• The save games need to be given the real world date and time, either in-addition to, or instead of the in-game time. I think this should be a standard feature of any game that offers you multiple save slots. In fact, a lot of games nowadays are keeping count of your total play time, which would be a suitable alternative to displaying date and time (see Mass Effect).

Next we have the Cityscape. The lower half of the screen is occupied by what you see in the screenshot here. Time controls on the right, various info screen buttons on the left and a whole bunch of tabs for the different aspects of x-com management that can crop up whilst defending the city from an evil menace.

For the most part the interface is perfectly serviceable, and considering you can take your time whilst the game is paused mean's it's fine. But that doesn't mean it's great.

There's a lot going on when you first look at the controls. The bar in the centre lists all the vehicles, agents, researchers, corporations, ufos et al depending on the highlighted tab and when you have a lot (as seen in the screenshot) it can get a bit unwieldy. If you take training agents - newly hired ones have no training option specified, and to do so, you must select them from the long horizontal bar and then press one of the two training buttons on the bottom right. However, if you can't remember what your new trainee looks like after you've hired him (or her), you have to click on each face in turn until you find one without any training option specified. Later on in the game this isn't too big a problem as agent ranks are displayed and so the rookies are easily separated from the crowd.

There's no reason why you couldn't put the training options in another menu, either with the equip screen or on it's own. Trying to bribe/influence other corporations is also similarly clunky.

Moving on, there is a rather large oversight on the part of the developers. One big thing about the game is how quickly you respond to invasions. Basically, the longer you leave it after the aliens have beamed down into a building, the harder it'll be for you to clean house. When the klaxon's sound you're presented with a screen not dissimilar to this one. Where you're expected to pick which agents you want to go and deal with the infestation.
One of the things you can do to improve matters later in the game is purchase multiple bases throughout the city and spread your agents out throughout them so you can send the closest to deal with the threats as they happen. Problem is, there's no map on display telling you where it's happening. There's just the name of the warehouse it's happening at, which could be anywhere as sometimes there are two or three identical warehouses dotted amongst the city.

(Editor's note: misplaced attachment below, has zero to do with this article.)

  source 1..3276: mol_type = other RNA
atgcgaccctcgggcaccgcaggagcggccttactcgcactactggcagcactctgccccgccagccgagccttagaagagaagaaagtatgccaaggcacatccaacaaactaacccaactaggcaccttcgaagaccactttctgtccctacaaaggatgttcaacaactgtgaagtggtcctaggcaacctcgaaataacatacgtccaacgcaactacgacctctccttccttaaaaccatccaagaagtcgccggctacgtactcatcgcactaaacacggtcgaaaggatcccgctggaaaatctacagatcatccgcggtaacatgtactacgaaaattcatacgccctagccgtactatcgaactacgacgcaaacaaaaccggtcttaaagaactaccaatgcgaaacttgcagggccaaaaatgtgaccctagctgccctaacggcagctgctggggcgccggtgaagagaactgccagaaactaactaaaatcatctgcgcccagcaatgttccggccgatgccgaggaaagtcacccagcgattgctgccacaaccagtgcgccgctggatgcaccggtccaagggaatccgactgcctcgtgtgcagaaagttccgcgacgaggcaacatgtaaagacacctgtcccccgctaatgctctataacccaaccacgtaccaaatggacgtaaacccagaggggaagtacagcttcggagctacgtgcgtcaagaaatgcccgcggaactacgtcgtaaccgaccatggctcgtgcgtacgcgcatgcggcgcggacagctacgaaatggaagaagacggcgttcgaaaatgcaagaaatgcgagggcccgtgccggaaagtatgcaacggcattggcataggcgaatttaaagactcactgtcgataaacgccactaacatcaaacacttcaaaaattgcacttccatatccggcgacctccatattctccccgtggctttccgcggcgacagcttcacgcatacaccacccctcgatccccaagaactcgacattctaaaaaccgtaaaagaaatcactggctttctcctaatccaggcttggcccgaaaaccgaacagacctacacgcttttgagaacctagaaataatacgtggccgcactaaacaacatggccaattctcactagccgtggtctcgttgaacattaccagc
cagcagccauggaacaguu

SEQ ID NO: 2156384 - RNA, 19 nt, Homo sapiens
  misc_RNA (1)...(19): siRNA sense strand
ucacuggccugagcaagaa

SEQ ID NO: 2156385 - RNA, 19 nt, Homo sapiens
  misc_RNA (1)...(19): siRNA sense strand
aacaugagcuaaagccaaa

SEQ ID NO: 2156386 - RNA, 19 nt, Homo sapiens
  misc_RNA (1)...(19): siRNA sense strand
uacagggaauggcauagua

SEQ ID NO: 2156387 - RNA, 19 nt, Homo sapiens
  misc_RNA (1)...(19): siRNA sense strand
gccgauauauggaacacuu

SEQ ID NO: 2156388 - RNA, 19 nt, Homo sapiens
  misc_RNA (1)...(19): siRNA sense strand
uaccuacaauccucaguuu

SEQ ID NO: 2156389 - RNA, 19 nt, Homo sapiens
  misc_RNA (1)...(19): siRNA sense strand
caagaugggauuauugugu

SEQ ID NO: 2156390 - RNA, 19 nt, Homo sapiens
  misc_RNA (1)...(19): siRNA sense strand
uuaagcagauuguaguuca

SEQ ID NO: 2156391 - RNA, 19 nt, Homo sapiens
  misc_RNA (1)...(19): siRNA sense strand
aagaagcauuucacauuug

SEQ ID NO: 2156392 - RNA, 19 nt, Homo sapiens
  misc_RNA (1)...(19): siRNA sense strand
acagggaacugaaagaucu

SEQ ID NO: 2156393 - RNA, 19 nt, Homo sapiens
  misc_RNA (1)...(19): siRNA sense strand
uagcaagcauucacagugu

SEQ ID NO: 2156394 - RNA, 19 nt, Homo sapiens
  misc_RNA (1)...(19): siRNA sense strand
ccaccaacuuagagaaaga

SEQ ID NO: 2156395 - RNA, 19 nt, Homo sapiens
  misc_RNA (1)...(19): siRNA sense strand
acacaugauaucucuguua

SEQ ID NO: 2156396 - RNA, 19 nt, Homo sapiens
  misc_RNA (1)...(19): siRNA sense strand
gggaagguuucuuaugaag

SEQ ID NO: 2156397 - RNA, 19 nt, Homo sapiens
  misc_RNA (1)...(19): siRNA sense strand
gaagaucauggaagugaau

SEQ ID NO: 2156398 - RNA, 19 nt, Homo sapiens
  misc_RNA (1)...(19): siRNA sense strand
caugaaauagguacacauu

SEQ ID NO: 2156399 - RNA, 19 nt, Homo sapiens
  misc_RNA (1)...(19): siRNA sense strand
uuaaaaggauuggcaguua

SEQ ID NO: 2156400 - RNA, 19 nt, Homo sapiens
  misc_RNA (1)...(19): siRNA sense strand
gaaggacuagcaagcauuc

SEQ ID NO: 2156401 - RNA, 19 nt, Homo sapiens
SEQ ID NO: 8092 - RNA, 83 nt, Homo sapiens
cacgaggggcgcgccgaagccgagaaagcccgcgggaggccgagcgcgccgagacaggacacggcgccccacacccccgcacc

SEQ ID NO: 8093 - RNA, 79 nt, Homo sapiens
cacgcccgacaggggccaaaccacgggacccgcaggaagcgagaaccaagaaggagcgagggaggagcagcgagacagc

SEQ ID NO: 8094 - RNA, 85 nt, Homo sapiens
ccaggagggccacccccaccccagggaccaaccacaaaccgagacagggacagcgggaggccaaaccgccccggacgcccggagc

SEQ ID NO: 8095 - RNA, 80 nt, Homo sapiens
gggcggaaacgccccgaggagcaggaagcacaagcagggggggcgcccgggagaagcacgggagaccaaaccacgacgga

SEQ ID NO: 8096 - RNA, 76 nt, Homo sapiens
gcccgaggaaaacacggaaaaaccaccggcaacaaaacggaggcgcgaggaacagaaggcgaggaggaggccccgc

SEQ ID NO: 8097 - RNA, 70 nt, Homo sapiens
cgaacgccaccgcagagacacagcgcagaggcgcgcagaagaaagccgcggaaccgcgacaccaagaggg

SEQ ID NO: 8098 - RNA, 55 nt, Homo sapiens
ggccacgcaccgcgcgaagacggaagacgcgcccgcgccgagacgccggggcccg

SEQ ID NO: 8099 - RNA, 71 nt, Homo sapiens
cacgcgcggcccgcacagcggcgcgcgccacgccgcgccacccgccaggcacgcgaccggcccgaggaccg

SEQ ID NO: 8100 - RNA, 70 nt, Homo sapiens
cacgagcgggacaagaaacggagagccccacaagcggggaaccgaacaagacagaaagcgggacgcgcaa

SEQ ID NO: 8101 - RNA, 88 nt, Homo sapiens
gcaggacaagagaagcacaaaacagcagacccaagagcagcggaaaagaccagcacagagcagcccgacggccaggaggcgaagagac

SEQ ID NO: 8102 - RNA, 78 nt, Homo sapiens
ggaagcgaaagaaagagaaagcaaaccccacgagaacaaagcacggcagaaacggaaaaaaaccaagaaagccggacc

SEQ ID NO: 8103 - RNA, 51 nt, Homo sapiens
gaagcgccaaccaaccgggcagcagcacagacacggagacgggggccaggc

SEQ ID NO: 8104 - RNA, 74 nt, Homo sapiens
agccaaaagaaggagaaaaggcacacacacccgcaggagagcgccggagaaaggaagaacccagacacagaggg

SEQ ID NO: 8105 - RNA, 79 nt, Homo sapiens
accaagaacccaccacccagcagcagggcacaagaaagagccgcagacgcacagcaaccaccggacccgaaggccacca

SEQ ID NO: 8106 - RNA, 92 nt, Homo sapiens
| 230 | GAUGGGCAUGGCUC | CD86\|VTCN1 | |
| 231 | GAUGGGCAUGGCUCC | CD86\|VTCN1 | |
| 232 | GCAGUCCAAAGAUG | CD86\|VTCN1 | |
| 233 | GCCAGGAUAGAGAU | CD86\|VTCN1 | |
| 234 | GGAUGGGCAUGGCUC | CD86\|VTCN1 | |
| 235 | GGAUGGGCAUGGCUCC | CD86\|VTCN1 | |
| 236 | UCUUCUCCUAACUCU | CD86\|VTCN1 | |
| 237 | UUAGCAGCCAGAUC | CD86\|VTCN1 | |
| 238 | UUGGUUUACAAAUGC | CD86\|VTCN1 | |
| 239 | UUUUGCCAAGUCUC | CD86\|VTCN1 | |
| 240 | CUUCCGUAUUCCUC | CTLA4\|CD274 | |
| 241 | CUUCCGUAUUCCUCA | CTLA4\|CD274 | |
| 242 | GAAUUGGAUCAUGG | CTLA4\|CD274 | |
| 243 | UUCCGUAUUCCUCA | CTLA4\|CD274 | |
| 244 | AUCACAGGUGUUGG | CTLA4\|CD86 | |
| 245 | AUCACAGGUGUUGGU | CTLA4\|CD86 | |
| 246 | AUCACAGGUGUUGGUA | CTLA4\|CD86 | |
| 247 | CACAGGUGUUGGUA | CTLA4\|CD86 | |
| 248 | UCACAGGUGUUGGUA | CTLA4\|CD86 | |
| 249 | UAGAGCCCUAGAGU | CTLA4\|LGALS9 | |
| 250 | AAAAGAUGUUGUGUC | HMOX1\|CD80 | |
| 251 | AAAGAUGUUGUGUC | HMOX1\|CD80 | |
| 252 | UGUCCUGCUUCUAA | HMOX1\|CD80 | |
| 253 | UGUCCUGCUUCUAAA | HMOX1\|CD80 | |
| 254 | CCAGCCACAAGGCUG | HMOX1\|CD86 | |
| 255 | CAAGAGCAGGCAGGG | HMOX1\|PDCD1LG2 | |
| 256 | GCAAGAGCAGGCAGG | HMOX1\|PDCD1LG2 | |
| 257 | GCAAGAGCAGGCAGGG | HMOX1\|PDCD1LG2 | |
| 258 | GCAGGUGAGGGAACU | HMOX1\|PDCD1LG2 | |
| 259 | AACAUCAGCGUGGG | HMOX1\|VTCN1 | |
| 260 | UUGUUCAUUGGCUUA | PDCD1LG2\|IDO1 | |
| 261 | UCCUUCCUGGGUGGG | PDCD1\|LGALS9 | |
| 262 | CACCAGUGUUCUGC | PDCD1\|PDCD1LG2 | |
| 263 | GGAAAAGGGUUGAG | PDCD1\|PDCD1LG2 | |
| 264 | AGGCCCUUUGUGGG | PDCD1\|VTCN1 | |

You can of course choose to not send anyone, quit out of the menu to see where it is, and then manually send the agents in. But then, what's the point in the menu in the first place?

Other problems with the menu include:
  • You'll notice there are two columns there, one for agents in your numerous bases, and one for those assigned to vehicles. But there's only one scrollbar (and this being the days of DOS, your mouse wheel does nothing). This scrollbar scrolls both columns at the same time, so if you want an agent from the bottom of column A to be assigned to a vehicle at the top of column B it can be a bit of a pain as you have to drag and drop them. Thankfully all highlighted agents move as one, so it's only an issue if you're wanting to move one agent by themselves.
  • Vehicles have a maximum occupancy. If you drag more agents to a vehicle than can physically fit, those left over won't be assigned and stay in the base (but still selected). If you're not careful, you can end up sending people to the target building on foot, which can take a very long time.

There are a bunch of other niggles as well. Scrollbars don't scroll in terms of items, but in pixels, so you can end up with one half of an item showing at the bottom  and top of a menu.
When dragging items in the equip agent screen the items snap to grid, not to locations. If you see the thing being dragged in the screen shot, you can place that anywhere on the empty hand slot and it'll snap in place, but whilst it's being dragged, it treats it like a grid (like the backpack area it's hovering over).
What it should do is snap to the centre of the hand area reaffirming to the player that it will go there when the mouse button is released.

When you are in tactical view, if you wish to change what a character is holding (be it a grenade, or medikit) you have to open the equip agent screen, drag the items around and exit back to tactical view. Then, once you've thrown the grenade or healed your agent's wound, you have to go back into the equip menu to restore whatever it was they were holding before.
Now what you really want is some kind of pre-configured layouts that you can switch between with the click of a button. I'm constantly throwing grenades in this game, and it's a very tedious and clumsy method for doing so.

It does do nice things however - if you look to the left, you can see the agent's skills. The bits at the end of the bar indicate how much they have improved since they were first hired.
Speed is partially empty, turning into an outline at the end, this represents encumbrance, due to the agent's relatively low strength.

I fear I have rambled on far too much. So I shall leave you with this for now. But I shall return tomorrow with more UI annoyances!


In this here humble blog I shall now attempt to look at the user interfaces of various computer games and applications, and talk about what works and what doesn't and why.